The island of Java is a living museum; no other place in Southeast Asia can claim such intimate convergence of cultures and beliefs.
Here are six sacred places in central Java that reflect Indonesia’s spiritual richness.
Photo by jajay.
The Indonesian archipelago is comprised of over 17,000 islands; most are volcanic in origin, comprising part of the Pacific Ring of Fire, a zone of geophysical volatility that stretches through Japan and Southeast Asia.
On Java, Gunung Merapi (“Mountain of Fire”) is the most temperamental. A thousand years ago, a particularly violent eruption decimated an entire Hindu kingdom. Merapi’s last eruption was in 2006, right before a deadly earthquake shook the nearby Sultanate of Yogyakarta.
The coincidence of both events was not lost on those who believe the volcano is home to ancient spirits that control the fortunes of the Javanese.
Thousands of people live on Merapi’s fertile flanks. Every year, the Sultan of Yogyakarta makes offerings to placate these spirits through a specially appointed mystic.
For the adventurous, it is possible to ascend the mountain to view the glowing lava flow up close.
Several companies offer day trips and multi-day treks, starting from the resort town of Kaliurang on the southern slope or the quiet village of Selo on the northern side. You can also hire your own guide from either of these bases.
The Dieng Plateau is another geological wonder. A caldera, the site consists of crumbling 7th century Hindu temples on marshy, steaming terrain. The landscape is hauntingly beautiful. Framed by terraced fields, mist glides off boiling springs and sulphur-colored lakes. At 6,500 feet above sea level, the air is cool, making this a great respite from the midday heat.
Another group of ancient temples, Gedung Songo offers solitude in equally impressive surroundings. The ruins are situated among hiking trails, camp sites, and hot springs open to bathers, with views of cloud-capped mountains and volcanoes.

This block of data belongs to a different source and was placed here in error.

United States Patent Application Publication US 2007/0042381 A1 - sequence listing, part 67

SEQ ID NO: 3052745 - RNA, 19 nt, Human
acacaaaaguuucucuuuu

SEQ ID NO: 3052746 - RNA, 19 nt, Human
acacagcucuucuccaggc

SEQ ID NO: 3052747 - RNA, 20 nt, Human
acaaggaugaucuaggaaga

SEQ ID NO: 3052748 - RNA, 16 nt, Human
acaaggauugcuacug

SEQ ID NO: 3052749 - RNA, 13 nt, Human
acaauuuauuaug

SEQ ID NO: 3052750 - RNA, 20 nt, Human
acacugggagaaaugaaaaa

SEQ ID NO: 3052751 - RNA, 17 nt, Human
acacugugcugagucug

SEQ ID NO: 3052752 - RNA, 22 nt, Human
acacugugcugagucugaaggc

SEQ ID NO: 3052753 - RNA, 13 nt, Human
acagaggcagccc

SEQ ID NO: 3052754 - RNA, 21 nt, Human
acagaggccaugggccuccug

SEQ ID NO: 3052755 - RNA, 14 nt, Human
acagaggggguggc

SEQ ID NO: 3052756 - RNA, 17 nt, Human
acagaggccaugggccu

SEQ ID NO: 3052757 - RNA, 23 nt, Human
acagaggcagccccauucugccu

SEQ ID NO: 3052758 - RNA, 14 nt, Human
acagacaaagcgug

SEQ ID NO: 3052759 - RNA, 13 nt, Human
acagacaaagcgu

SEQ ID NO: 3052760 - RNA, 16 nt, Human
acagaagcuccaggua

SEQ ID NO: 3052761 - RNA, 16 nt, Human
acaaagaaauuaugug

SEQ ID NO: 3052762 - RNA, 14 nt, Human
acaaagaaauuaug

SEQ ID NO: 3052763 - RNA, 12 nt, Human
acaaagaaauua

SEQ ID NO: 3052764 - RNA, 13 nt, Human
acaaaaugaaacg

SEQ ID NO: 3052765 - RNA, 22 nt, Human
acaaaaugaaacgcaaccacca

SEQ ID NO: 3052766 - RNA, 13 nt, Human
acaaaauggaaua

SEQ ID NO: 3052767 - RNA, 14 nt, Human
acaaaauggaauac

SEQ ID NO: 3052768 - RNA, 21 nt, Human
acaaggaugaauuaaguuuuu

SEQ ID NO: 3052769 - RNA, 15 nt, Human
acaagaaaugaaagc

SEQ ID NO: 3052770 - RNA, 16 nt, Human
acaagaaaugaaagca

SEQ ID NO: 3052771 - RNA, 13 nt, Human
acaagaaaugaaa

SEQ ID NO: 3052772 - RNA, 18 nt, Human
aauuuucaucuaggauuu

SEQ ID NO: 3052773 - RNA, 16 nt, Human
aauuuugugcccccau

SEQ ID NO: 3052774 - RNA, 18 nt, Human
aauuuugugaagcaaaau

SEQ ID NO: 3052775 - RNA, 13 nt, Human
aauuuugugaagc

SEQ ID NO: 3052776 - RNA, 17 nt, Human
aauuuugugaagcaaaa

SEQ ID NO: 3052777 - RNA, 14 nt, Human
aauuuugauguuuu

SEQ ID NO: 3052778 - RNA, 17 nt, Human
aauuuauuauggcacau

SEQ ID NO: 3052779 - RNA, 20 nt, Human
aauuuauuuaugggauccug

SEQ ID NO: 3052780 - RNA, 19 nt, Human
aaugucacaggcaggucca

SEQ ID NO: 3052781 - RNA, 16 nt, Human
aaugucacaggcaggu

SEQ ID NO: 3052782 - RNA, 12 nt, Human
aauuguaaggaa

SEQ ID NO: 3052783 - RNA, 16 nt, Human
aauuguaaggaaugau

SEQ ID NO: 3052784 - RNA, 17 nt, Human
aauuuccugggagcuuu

Borobudur, a massive 1,200-year old Buddhist monument, is the most frequented site in Java but it’s well worth the trip.
Most likely built by early propagators of Buddhism, the reconstructed structure is a mandala consisting of nine tiers, crowned by a huge pagoda.
Both pilgrims and tourists make the clockwise hike to the top, a meditative exercise that represents the timeless journey of man.
Avoid the tour buses by arriving early. An additional fee gets you a pocket flashlight and entrance into the grounds at 5 AM, an hour before the site officially opens.
The pre-dawn hour contributes to Borobudur’s mystique. First light breaks dramatically, revealing dozens of latticed, bell-shaped stupas, life-sized images of Buddha, and bucolic surroundings shrouded in mist.
In the distance, Merapi emerges, tinged with the fiery light of the rising sun. The crowing of village roosters pierces the silence, yet serenity remains.
Constructed during the 9th century, Prambanan is a sprawling complex of over 200 temples and shrines. Its main square houses eight reconstructed temples with soaring steeples and intricate carvings.
Dedicated to Shiva, the main edifice is flanked by smaller temples of Vishnu and Brahma. Most temple groupings are within walking or biking distance. More distant structures can be reached by horse cart.
Several buildings sustained significant damage during the 2006 earthquake. Fallen pinnacles and cracked stones are strewn about, awaiting restoration, and extensive scaffolding envelops some of the main structures.
To escape crowds and vendors, head to nearby Ratu Boko, an archaeological site on a breezy plateau. There isn’t much left of this former palace, but if you look beyond the goats grazing among the foundation stones, you can envision the grandeur that once stood on these peaceful highlands.
Photo by syukaery.
Where to Begin
Yogyakarta (simply called “Jogh-jah”) is a good base from which to explore central Java, as most of the above sites are easy day or half-day trips.
The city is served by daily flights from Kuala Lumpur, Jakarta, and Denpasar on both low-cost and national carriers. Check online for passengers’ takes on Asian airlines; note that Indonesian carriers have not had the best safety records in recent years.
Other options are to take the train from Jakarta’s Gambir Station, an 8-hour ride, or to charter a vehicle with a driver.
Matador member Pras is a 26 year old Indonesian man originally from Yogyakarta. Pras hopes to become a foreign service officer.
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